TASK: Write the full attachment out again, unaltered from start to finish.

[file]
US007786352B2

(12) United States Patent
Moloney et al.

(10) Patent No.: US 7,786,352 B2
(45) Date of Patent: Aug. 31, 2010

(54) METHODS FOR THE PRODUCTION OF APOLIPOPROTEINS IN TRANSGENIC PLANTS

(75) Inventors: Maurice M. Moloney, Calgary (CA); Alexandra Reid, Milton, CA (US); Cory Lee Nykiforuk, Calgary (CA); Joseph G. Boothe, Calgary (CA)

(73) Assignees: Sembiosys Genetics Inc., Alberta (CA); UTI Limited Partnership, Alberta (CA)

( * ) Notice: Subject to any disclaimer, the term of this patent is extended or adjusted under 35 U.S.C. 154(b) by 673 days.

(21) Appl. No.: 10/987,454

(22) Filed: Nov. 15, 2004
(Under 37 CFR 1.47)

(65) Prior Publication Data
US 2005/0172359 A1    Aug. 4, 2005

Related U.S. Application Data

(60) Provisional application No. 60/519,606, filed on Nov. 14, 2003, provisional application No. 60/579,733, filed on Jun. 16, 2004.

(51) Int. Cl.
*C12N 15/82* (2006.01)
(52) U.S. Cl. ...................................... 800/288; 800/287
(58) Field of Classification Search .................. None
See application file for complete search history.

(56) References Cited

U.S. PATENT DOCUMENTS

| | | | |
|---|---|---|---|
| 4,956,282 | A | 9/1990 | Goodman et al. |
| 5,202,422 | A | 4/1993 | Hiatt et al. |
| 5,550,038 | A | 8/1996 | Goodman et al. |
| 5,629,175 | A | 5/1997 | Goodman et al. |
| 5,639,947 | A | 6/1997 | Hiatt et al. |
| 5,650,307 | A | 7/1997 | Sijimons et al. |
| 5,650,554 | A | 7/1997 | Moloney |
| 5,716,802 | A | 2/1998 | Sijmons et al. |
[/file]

US007786352B2

(12) United States Patent
Moloney et al.

(10) Patent No.: US 7,786,352 B2
(45) Date of Patent: Aug. 31, 2010

(54) METHODS FOR THE PRODUCTION OF APOLIPOPROTEINS IN TRANSGENIC PLANTS

(75) Inventors: Maurice M. Moloney, Calgary (CA); Alexandra Reid, Milton, CA (US); Cory Lee Nykiforuk, Calgary (CA); Joseph G. Boothe, Calgary (CA)

(73) Assignees: Sembiosys Genetics Inc., Alberta (CA); UTI Limited Partnership, Alberta (CA)

( * ) Notice: Subject to any disclaimer, the term of this patent is extended or adjusted under 35 U.S.C. 154(b) by 673 days.

(21) Appl. No.: 10/987,454

(22) Filed: Nov. 15, 2004
(Under 37 CFR 1.47)

(65) Prior Publication Data
US 2005/0172359 A1    Aug. 4, 2005

Related U.S. Application Data

(60) Provisional application No. 60/519,606, filed on Nov. 14, 2003, provisional application No. 60/579,733, filed on Jun. 16, 2004.

(51) Int. Cl.
*C12N 15/82* (2006.01)
(52) U.S. Cl. ...................................... 800/288; 800/287
(58) Field of Classification Search .................. None
See application file for complete search history.

(56) References Cited

U.S. PATENT DOCUMENTS

| | | | |
|---|---|---|---|
| 4,956,282 | A | 9/1990 | Goodman et al. |
| 5,202,422 | A | 4/1993 | Hiatt et al. |
| 5,550,038 | A | 8/1996 | Goodman et al. |
| 5,629,175 | A | 5/1997 | Goodman et al. |
| 5,639,947 | A | 6/1997 | Hiatt et al. |
| 5,650,307 | A | 7/1997 | Sijimons et al. |
| 5,650,554 | A | 7/1997 | Moloney |
| 5,716,802 | A | 2/1998 | Sijmons et al. |